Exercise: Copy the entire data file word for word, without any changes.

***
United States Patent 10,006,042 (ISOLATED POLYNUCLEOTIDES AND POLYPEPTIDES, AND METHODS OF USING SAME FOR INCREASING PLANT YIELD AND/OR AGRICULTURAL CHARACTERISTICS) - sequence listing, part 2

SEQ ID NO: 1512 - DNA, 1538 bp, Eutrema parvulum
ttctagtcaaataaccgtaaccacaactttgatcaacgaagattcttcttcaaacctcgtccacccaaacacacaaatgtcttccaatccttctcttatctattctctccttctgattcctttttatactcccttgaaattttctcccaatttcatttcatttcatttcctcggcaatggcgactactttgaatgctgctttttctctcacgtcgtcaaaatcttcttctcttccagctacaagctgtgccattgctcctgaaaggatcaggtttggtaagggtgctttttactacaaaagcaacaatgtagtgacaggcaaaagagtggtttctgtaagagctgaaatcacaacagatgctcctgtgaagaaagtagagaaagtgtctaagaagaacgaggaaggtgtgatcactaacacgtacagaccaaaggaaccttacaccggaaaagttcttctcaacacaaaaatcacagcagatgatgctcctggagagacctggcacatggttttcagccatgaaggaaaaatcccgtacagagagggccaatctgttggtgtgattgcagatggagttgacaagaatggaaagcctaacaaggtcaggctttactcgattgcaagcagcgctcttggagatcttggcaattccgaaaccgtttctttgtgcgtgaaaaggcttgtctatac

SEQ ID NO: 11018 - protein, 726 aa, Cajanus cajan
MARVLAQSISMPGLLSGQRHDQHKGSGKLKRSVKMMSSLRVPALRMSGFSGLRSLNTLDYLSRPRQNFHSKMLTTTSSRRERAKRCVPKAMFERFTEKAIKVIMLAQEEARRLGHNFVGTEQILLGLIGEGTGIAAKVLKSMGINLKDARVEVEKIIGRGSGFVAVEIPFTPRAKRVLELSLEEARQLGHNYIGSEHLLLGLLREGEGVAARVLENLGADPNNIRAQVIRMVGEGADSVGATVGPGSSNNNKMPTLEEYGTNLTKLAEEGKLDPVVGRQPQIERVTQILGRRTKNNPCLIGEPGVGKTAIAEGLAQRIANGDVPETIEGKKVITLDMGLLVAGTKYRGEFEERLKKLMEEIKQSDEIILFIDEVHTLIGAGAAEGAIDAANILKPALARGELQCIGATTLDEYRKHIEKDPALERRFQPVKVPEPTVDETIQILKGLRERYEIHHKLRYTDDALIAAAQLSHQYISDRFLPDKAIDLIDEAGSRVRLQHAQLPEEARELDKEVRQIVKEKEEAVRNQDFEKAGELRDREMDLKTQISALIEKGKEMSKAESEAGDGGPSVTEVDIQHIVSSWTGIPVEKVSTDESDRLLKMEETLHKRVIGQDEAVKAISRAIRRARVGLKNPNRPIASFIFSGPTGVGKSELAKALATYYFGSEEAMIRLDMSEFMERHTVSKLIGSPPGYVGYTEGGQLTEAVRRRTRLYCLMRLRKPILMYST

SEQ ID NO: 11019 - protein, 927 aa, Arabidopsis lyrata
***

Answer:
United States Patent 10,006,042 (ISOLATED POLYNUCLEOTIDES AND POLYPEPTIDES, AND METHODS OF USING SAME FOR INCREASING PLANT YIELD AND/OR AGRICULTURAL CHARACTERISTICS) - sequence listing, part 2

SEQ ID NO: 1512 - DNA, 1538 bp, Eutrema parvulum
ttctagtcaaataaccgtaaccacaactttgatcaacgaagattcttcttcaaacctcgtccacccaaacacacaaatgtcttccaatccttctcttatctattctctccttctgattcctttttatactcccttgaaattttctcccaatttcatttcatttcatttcctcggcaatggcgactactttgaatgctgctttttctctcacgtcgtcaaaatcttcttctcttccagctacaagctgtgccattgctcctgaaaggatcaggtttggtaagggtgctttttactacaaaagcaacaatgtagtgacaggcaaaagagtggtttctgtaagagctgaaatcacaacagatgctcctgtgaagaaagtagagaaagtgtctaagaagaacgaggaaggtgtgatcactaacacgtacagaccaaaggaaccttacaccggaaaagttcttctcaacacaaaaatcacagcagatgatgctcctggagagacctggcacatggttttcagccatgaaggaaaaatcccgtacagagagggccaatctgttggtgtgattgcagatggagttgacaagaatggaaagcctaacaaggtcaggctttactcgattgcaagcagcgctcttggagatcttggcaattccgaaaccgtttctttgtgcgtgaaaaggcttgtctatac

SEQ ID NO: 11018 - protein, 726 aa, Cajanus cajan
MARVLAQSISMPGLLSGQRHDQHKGSGKLKRSVKMMSSLRVPALRMSGFSGLRSLNTLDYLSRPRQNFHSKMLTTTSSRRERAKRCVPKAMFERFTEKAIKVIMLAQEEARRLGHNFVGTEQILLGLIGEGTGIAAKVLKSMGINLKDARVEVEKIIGRGSGFVAVEIPFTPRAKRVLELSLEEARQLGHNYIGSEHLLLGLLREGEGVAARVLENLGADPNNIRAQVIRMVGEGADSVGATVGPGSSNNNKMPTLEEYGTNLTKLAEEGKLDPVVGRQPQIERVTQILGRRTKNNPCLIGEPGVGKTAIAEGLAQRIANGDVPETIEGKKVITLDMGLLVAGTKYRGEFEERLKKLMEEIKQSDEIILFIDEVHTLIGAGAAEGAIDAANILKPALARGELQCIGATTLDEYRKHIEKDPALERRFQPVKVPEPTVDETIQILKGLRERYEIHHKLRYTDDALIAAAQLSHQYISDRFLPDKAIDLIDEAGSRVRLQHAQLPEEARELDKEVRQIVKEKEEAVRNQDFEKAGELRDREMDLKTQISALIEKGKEMSKAESEAGDGGPSVTEVDIQHIVSSWTGIPVEKVSTDESDRLLKMEETLHKRVIGQDEAVKAISRAIRRARVGLKNPNRPIASFIFSGPTGVGKSELAKALATYYFGSEEAMIRLDMSEFMERHTVSKLIGSPPGYVGYTEGGQLTEAVRRRTRLYCLMRLRKPILMYST

SEQ ID NO: 11019 - protein, 927 aa, Arabidopsis lyrata